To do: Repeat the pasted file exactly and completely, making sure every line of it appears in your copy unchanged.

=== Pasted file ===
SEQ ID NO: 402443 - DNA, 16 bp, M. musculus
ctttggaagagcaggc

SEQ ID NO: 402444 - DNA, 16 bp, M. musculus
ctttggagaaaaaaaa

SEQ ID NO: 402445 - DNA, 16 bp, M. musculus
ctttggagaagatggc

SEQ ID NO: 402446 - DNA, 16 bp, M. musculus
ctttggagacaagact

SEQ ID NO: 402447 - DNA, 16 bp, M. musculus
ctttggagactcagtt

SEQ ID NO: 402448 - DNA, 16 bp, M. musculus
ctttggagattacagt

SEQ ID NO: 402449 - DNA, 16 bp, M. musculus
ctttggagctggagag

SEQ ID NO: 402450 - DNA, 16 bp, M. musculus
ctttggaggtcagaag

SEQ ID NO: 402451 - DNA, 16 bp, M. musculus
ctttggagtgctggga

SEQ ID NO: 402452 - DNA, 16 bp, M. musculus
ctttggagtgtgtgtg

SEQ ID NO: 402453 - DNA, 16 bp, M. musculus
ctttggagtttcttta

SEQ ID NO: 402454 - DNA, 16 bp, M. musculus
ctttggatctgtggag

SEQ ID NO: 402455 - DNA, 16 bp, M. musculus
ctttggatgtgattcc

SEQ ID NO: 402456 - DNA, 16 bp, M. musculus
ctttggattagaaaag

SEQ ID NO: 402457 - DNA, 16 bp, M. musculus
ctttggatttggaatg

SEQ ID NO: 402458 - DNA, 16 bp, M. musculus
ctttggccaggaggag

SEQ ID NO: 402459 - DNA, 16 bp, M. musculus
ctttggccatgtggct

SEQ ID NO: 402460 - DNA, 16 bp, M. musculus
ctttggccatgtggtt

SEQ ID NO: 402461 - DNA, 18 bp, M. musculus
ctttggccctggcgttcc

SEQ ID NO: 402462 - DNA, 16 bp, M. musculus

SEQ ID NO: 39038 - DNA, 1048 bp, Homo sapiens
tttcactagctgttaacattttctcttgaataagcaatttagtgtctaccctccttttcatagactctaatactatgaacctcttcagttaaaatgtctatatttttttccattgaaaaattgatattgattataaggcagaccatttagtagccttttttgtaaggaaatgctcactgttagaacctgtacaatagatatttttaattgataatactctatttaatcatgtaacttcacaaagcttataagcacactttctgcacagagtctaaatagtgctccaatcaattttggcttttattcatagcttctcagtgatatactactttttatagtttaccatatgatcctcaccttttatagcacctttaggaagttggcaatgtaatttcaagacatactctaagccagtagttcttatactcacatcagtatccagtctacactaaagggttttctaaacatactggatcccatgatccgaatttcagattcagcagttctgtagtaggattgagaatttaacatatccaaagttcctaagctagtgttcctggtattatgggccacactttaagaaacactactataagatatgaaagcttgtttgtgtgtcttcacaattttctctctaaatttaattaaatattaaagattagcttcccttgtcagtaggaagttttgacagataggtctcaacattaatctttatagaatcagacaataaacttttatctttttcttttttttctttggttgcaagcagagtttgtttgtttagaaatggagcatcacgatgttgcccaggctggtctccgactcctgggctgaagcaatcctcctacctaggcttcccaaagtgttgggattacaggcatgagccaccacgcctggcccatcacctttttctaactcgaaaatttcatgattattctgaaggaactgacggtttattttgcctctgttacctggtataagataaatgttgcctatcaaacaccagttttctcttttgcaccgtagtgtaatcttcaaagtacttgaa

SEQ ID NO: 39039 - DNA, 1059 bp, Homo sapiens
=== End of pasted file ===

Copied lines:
SEQ ID NO: 402443 - DNA, 16 bp, M. musculus
ctttggaagagcaggc

SEQ ID NO: 402444 - DNA, 16 bp, M. musculus
ctttggagaaaaaaaa

SEQ ID NO: 402445 - DNA, 16 bp, M. musculus
ctttggagaagatggc

SEQ ID NO: 402446 - DNA, 16 bp, M. musculus
ctttggagacaagact

SEQ ID NO: 402447 - DNA, 16 bp, M. musculus
ctttggagactcagtt

SEQ ID NO: 402448 - DNA, 16 bp, M. musculus
ctttggagattacagt

SEQ ID NO: 402449 - DNA, 16 bp, M. musculus
ctttggagctggagag

SEQ ID NO: 402450 - DNA, 16 bp, M. musculus
ctttggaggtcagaag

SEQ ID NO: 402451 - DNA, 16 bp, M. musculus
ctttggagtgctggga

SEQ ID NO: 402452 - DNA, 16 bp, M. musculus
ctttggagtgtgtgtg

SEQ ID NO: 402453 - DNA, 16 bp, M. musculus
ctttggagtttcttta

SEQ ID NO: 402454 - DNA, 16 bp, M. musculus
ctttggatctgtggag

SEQ ID NO: 402455 - DNA, 16 bp, M. musculus
ctttggatgtgattcc

SEQ ID NO: 402456 - DNA, 16 bp, M. musculus
ctttggattagaaaag

SEQ ID NO: 402457 - DNA, 16 bp, M. musculus
ctttggatttggaatg

SEQ ID NO: 402458 - DNA, 16 bp, M. musculus
ctttggccaggaggag

SEQ ID NO: 402459 - DNA, 16 bp, M. musculus
ctttggccatgtggct

SEQ ID NO: 402460 - DNA, 16 bp, M. musculus
ctttggccatgtggtt

SEQ ID NO: 402461 - DNA, 18 bp, M. musculus
ctttggccctggcgttcc

SEQ ID NO: 402462 - DNA, 16 bp, M. musculus

SEQ ID NO: 39038 - DNA, 1048 bp, Homo sapiens
tttcactagctgttaacattttctcttgaataagcaatttagtgtctaccctccttttcatagactctaatactatgaacctcttcagttaaaatgtctatatttttttccattgaaaaattgatattgattataaggcagaccatttagtagccttttttgtaaggaaatgctcactgttagaacctgtacaatagatatttttaattgataatactctatttaatcatgtaacttcacaaagcttataagcacactttctgcacagagtctaaatagtgctccaatcaattttggcttttattcatagcttctcagtgatatactactttttatagtttaccatatgatcctcaccttttatagcacctttaggaagttggcaatgtaatttcaagacatactctaagccagtagttcttatactcacatcagtatccagtctacactaaagggttttctaaacatactggatcccatgatccgaatttcagattcagcagttctgtagtaggattgagaatttaacatatccaaagttcctaagctagtgttcctggtattatgggccacactttaagaaacactactataagatatgaaagcttgtttgtgtgtcttcacaattttctctctaaatttaattaaatattaaagattagcttcccttgtcagtaggaagttttgacagataggtctcaacattaatctttatagaatcagacaataaacttttatctttttcttttttttctttggttgcaagcagagtttgtttgtttagaaatggagcatcacgatgttgcccaggctggtctccgactcctgggctgaagcaatcctcctacctaggcttcccaaagtgttgggattacaggcatgagccaccacgcctggcccatcacctttttctaactcgaaaatttcatgattattctgaaggaactgacggtttattttgcctctgttacctggtataagataaatgttgcctatcaaacaccagttttctcttttgcaccgtagtgtaatcttcaaagtacttgaa

SEQ ID NO: 39039 - DNA, 1059 bp, Homo sapiens